November Letter from Mat

It’s funny what you don’t see until some people point it out isn’t it? This is especially true of the bible. It’s so easy to think that you know the story and to read what you recall rather than what it actually says.

A few of St Matthew’s community went to a healing event at the Cathedral a couple of weeks ago. Bishop Bob Evens spoke on the first two chapters of Mark’s gospel. Bishop Bob (no relation to the builder) pointed out that, at the beginning of chapter 2, Mark describes Jesus as returning to his home in Capernaum. The striking thing isn’t that Jesus had a home but what happens in it in the following verses. Many people turn up to Jesus’ home to hear him speak and to receive prayer from him. A paralysed man is brought to him by his friends, they can’t get in; so the friends climb up onto Jesus’ roof, tear a hole in it and lower their paralysed friend down. And Jesus forgives him and heals him, and he walks out of the house transformed. What a mess that must of made of Jesus’ house!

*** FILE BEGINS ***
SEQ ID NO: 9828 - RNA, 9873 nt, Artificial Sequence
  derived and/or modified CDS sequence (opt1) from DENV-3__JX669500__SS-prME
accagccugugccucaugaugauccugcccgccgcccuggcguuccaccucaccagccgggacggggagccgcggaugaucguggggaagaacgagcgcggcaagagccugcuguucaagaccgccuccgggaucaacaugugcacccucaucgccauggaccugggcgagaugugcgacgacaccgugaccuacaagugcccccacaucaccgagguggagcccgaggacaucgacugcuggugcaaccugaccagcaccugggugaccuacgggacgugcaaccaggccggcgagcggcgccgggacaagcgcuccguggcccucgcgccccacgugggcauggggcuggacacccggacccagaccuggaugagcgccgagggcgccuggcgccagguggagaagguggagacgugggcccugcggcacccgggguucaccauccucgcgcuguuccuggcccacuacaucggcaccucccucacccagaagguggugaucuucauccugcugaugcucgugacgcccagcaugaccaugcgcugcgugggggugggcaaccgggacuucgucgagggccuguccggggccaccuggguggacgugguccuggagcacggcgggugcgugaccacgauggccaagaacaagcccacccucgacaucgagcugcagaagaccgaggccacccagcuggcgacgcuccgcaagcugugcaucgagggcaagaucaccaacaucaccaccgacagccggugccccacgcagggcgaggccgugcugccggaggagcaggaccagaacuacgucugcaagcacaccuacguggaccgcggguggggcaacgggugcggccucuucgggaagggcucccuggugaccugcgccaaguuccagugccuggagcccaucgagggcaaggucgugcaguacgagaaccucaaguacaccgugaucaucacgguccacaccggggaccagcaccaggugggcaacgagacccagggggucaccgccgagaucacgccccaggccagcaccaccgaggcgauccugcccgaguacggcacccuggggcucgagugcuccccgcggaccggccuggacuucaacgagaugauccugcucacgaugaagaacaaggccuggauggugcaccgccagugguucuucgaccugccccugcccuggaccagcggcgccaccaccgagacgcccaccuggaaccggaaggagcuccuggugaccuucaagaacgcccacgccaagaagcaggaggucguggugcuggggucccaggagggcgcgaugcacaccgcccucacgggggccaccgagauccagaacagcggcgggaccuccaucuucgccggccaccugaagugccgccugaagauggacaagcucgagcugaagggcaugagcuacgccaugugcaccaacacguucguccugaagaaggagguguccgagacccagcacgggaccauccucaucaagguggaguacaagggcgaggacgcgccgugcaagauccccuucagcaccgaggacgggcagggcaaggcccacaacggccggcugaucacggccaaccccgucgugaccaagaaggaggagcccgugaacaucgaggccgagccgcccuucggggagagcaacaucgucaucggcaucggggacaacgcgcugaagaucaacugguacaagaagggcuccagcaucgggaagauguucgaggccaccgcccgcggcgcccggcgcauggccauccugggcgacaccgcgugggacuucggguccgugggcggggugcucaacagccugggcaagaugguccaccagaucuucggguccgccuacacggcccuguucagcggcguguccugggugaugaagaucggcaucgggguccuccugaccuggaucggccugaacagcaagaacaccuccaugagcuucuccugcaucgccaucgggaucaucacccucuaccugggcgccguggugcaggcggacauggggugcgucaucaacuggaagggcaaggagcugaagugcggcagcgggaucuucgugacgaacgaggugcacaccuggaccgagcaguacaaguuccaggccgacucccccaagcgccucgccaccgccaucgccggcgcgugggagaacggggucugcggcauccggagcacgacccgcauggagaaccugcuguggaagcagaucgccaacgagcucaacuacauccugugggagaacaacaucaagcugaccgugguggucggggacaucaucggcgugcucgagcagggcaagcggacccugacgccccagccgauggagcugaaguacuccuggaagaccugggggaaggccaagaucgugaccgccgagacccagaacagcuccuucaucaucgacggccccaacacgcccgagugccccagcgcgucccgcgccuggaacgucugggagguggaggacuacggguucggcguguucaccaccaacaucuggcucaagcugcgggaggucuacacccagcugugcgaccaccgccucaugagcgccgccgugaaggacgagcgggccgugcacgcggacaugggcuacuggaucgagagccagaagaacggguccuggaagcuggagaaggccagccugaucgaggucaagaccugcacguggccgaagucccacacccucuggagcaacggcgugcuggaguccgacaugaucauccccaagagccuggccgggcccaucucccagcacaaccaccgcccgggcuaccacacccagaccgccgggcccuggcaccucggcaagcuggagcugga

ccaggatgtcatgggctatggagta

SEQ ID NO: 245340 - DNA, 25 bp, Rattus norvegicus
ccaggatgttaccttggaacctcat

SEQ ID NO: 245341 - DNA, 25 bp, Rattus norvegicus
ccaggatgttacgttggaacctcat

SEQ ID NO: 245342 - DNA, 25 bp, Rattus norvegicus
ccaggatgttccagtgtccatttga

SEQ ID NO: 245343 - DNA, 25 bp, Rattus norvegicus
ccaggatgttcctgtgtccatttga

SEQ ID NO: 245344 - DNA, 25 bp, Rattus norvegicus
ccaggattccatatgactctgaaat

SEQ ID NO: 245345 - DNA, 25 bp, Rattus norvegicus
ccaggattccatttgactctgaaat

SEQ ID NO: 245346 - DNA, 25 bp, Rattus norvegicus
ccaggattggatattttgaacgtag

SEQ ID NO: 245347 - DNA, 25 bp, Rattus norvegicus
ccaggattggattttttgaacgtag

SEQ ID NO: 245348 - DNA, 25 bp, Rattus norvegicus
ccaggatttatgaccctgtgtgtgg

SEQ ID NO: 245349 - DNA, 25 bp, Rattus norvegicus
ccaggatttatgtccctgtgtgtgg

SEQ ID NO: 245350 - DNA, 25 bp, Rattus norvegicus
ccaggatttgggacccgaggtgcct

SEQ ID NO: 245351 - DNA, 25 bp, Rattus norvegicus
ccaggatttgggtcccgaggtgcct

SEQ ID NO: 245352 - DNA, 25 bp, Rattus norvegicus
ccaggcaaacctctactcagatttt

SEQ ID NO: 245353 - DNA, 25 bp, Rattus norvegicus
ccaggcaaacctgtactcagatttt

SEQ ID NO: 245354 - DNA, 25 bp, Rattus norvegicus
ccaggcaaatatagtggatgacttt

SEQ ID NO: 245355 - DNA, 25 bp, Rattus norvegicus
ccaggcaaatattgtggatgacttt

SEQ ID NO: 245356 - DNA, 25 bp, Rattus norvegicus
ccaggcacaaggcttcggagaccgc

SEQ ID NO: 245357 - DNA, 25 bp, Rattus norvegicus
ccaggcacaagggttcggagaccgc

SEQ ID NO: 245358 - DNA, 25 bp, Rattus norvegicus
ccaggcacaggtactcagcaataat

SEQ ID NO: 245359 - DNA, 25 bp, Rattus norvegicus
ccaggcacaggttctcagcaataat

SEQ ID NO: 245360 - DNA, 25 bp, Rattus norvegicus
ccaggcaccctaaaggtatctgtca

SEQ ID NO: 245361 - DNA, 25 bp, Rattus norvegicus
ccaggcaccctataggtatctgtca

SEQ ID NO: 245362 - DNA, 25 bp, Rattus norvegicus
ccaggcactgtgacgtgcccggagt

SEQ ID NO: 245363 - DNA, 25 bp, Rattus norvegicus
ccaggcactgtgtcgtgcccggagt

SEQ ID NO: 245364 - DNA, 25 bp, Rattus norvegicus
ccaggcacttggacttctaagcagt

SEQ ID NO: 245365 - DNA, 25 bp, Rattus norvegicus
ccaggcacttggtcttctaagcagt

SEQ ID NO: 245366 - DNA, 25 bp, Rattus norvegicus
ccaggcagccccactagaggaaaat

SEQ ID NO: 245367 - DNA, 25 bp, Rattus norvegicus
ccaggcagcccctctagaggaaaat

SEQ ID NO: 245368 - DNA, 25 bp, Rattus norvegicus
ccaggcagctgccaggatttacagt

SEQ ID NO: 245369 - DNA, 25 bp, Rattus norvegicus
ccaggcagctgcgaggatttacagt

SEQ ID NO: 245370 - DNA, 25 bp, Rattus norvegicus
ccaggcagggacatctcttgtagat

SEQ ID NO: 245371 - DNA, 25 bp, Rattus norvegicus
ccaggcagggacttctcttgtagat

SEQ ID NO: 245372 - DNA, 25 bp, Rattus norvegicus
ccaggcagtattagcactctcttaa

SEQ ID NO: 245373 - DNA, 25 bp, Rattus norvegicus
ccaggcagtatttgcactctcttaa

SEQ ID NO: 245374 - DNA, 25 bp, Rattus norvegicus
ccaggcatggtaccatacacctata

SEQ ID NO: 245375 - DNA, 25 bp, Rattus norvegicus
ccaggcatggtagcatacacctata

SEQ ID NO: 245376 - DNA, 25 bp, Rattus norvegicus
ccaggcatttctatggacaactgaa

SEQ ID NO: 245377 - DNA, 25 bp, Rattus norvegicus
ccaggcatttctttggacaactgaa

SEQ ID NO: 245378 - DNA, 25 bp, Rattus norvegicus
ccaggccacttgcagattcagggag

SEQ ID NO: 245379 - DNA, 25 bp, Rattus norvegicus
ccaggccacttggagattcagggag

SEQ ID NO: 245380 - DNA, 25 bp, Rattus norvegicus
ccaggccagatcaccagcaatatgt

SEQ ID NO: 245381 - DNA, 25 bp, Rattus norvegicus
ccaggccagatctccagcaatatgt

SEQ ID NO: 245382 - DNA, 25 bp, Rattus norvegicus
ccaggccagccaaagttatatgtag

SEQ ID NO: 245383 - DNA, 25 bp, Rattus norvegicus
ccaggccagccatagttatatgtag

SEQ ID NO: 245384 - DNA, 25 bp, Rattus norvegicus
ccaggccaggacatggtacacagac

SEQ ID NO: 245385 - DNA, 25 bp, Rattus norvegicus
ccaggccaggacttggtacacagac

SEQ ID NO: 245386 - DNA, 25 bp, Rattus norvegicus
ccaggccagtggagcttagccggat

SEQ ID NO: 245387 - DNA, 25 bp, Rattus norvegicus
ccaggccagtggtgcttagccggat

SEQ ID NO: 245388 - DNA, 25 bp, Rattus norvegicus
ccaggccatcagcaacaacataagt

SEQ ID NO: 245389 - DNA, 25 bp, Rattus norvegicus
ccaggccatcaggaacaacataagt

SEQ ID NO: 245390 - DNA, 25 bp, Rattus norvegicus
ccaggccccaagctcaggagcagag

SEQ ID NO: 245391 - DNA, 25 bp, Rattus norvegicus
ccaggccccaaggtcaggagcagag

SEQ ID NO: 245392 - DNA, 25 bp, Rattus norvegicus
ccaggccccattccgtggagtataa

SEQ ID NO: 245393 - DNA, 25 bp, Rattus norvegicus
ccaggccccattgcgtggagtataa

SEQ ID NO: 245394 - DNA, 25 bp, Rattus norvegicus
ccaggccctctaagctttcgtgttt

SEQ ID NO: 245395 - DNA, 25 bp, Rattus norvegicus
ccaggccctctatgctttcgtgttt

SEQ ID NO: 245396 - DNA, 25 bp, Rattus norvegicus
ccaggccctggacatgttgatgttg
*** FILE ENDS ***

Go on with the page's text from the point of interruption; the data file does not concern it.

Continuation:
The question that this brought up in me was—‘are we prepared for the community of St Matthew’s to be a messy one?’ It strikes me that one of the challenges of growth, and indeed of community, is that it’s messy. New people or ideas can upset the neatness of the community that we thought we knew. Our desire to see people transformed and healed through prayer will bring mess, and will bring up mess in our own community. None of us are perfect and so community contains mess. As St Matthew’s grows we will not be able to be involved with every aspect of its life. That may feel messy but it’s a natural consequence of growth. In Messy Church I watched one of our church members in a suit making a sandcastle in the church with a number of children. And all to God’s glory. What a great image of church!

It strikes me that mess was part of Jesus’ ministry. He often spent time with the messy-ness of life and brought the order, power and love of God to bear upon it. The mess he encountered was redeemed, transformed and brought to new life. You may find it helpful to reflect with me on this and what it means for us.


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